Despite Mass Persecution, Jews Cling to the Hope of Jeremiah 29:11

More than six million Jews were murdered during the Holocaust. Anti-Semitism continues to strongly rear its ugly head today.
More than six million Jews were murdered during the Holocaust. Anti-Semitism continues to strongly rear its ugly head today. (Wikimedia Commons )

What makes the history of the Jews surprising is that the Jews have survived and thrived, despite many attempts to destroy them. The ancient pharaoh tried to destroy the Israelites by killing all the male infants. The twelve tribes of Israel were carried into captivity by the Assyrians and later the Babylonians. Jerusalem was again destroyed by the Romans in the first century and the Jews forced into the Diaspora. The Crusaders, marching through Europe on their quest for the Holy Land during the early centuries of the Middle Ages, slaughtered entire Jewish communities.

During the Spanish Inquisition at the end of the fifteenth and into the sixteenth century, Jews were forced to convert to Christianity and then banished from Spain and Portugal. Countless thousands of Jews were eventually put to death. Less than a century ago, the Nazis exterminated over six million Jews along with millions of other "undesirables" such as gypsies, the elderly and the infirm, in their attempt to wipe the Jews off the face of the earth.

It would take pages to list all of the other attempts that have been made to eradicate the Jews. In my book A Rabbi Looks at the Last Days, I wrote about some of the more recent ones:

The Suez War of 1956: In the early 1950s, Egypt closed the Suez Canal to Israeli ships. The United Nations ordered the canal open, but Egypt refused. Then, Egypt's President Nasser sent scores of terrorists into Israel, saying, "Egypt has decided to dispatch her heroes, the disciples of Pharaoh and the sons of Islam and they will cleanse the land of Palestine ... There will be no peace on Israel's border because we demand vengeance, and vengeance is Israel's death."

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His foreign minister, Muhammad Salah al-Din, added, "We shall not be satisfied except by the final obliteration of Israel from the map of the Middle East."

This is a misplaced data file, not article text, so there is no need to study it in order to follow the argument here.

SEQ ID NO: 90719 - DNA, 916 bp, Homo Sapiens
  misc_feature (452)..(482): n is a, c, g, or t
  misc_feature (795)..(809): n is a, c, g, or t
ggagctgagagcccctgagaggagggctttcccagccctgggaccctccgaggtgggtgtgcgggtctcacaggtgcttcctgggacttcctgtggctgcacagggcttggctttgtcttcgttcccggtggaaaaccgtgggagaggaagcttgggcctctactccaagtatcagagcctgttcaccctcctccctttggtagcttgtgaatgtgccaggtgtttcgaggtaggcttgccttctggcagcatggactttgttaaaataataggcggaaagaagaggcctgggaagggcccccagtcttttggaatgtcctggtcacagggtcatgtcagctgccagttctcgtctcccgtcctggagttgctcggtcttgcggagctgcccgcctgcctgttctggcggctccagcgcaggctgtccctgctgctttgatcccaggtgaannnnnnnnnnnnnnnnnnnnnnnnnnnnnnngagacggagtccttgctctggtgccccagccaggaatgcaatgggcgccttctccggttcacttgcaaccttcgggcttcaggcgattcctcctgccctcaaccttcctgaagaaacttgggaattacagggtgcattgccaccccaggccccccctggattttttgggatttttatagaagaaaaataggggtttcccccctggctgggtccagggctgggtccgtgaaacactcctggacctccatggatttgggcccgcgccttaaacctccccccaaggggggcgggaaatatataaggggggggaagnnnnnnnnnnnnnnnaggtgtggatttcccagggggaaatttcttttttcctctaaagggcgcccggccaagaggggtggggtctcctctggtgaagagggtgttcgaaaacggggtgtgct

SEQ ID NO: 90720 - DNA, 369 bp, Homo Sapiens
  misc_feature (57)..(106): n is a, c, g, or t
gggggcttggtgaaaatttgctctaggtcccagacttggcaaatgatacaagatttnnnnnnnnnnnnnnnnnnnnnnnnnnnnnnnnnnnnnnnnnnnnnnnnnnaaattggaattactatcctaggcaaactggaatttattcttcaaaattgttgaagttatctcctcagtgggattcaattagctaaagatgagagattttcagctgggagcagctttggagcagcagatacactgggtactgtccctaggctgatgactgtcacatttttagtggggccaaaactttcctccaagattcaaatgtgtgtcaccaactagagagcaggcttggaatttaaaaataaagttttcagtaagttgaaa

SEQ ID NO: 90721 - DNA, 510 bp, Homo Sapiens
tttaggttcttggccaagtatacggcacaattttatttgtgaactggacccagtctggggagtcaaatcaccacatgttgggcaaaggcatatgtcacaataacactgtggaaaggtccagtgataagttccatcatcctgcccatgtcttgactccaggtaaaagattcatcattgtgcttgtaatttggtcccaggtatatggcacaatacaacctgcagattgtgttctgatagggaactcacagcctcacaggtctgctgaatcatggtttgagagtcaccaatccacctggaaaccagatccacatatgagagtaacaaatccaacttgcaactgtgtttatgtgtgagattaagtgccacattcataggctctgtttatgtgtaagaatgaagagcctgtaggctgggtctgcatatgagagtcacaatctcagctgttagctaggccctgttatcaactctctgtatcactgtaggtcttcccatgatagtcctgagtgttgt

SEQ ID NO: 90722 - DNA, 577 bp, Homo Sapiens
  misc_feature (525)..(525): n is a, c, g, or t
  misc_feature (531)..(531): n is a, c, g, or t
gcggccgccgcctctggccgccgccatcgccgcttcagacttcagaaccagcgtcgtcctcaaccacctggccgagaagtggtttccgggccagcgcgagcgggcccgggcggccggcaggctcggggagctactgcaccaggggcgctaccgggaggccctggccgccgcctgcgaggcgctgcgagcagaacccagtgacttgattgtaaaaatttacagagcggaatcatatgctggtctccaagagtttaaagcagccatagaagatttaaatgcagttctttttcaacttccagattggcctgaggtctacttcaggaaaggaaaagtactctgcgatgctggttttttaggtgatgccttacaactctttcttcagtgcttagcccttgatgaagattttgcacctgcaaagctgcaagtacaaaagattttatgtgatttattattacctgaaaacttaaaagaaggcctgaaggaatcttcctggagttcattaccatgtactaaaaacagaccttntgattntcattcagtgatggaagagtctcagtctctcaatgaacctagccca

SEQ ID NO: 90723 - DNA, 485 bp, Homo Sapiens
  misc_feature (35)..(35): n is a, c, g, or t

After hundreds of Israelis were killed, Israel had no choice but to retaliate. The Egyptian army was quickly and easily defeated, and Israeli troops pushed deep into Egyptian territory before a cease-fire was declared. President Eisenhower pressured the Israeli government to return the land that had been conquered in battle, and Israel complied and returned the Sinai Peninsula

The Six-Day War of 1967: On May 20, 1967, Syria's Defense Minister Hafez al-Assad announced, "Our forces are now entirely ready to ... explode the Zionist presence in the Arab homeland. The Syrian army, with its finger on the trigger, is united ... I, as a military man, believe that the time has come to enter into a battle of annihilation."

Ten days later, Israel's old enemy, President Nasser of Egypt, said, "The armies of Egypt, Jordan, Syria and Lebanon are poised on the borders of Israel ... while standing behind us are the armies of Iraq, Algeria, Kuwait, Sudan and the whole Arab nation. This act will astound the world. Today they will know that the Arabs are arranged for battle, the critical hour has arrived. We have reached the stage of serious action and not declarations."

The world was astounded, all right. After six days of war, the Arab coalition was utterly defeated.

The Yom Kippur War of 1973: The next war began on October 6, 1973. It was Yom Kippur, the holiest day in the Jewish calendar. Israel did not expect and was not prepared for the coordinated surprise attack undertaken by Egypt and Syria. On the Golan Heights, fewer than 200 Israeli tanks faced an invasion of 1,400 tanks from Syria. Along the Suez Canal, some 436 Israeli soldiers tried to hold off an estimated 80,000 Egyptian troops.

At least nine Arab countries were actively engaged in the assault on Israel, contributing troops, weapons and/or money. Libya's Muammar Gaddafi sent $1 billion in military aid to Egypt.

This has been life for the people of Israel. They are either at war, or being threatened by war.

Again, there is no way, other than God's intervention, that the Israeli people could have withstood the constant attacks against them.

Today Jews in many parts of the world continue to face ongoing persecution and violence. And yet the physical descendants of Abraham, Isaac and Jacob continue to grow in economic strength and in numbers. Why? There's only one reasonable explanation, and it is a supernatural one. God has protected and guarded the Jewish people. He promised to watch over them and give them a future, and He has done so.

In Jeremiah 29:11, He promised in the midst of their exile to give them a future ... and by application, the same promise applies to us, those who "love God and are called according to His purpose" This promise is for you, today."

Excerpted from A Hope and a Future by Jonathan Bernis (Charisma House, 2016).

A Jewish Believer in Yeshua (Jesus), Jonathan Bernis is president & CEO of Jewish Voice Ministries International (JVMI). He has worked on the forefront of world evangelism since 1984, taking the Good News of Israel's Messiah to the far reaches of the earth, to the Jewish people, and also to the Nations.

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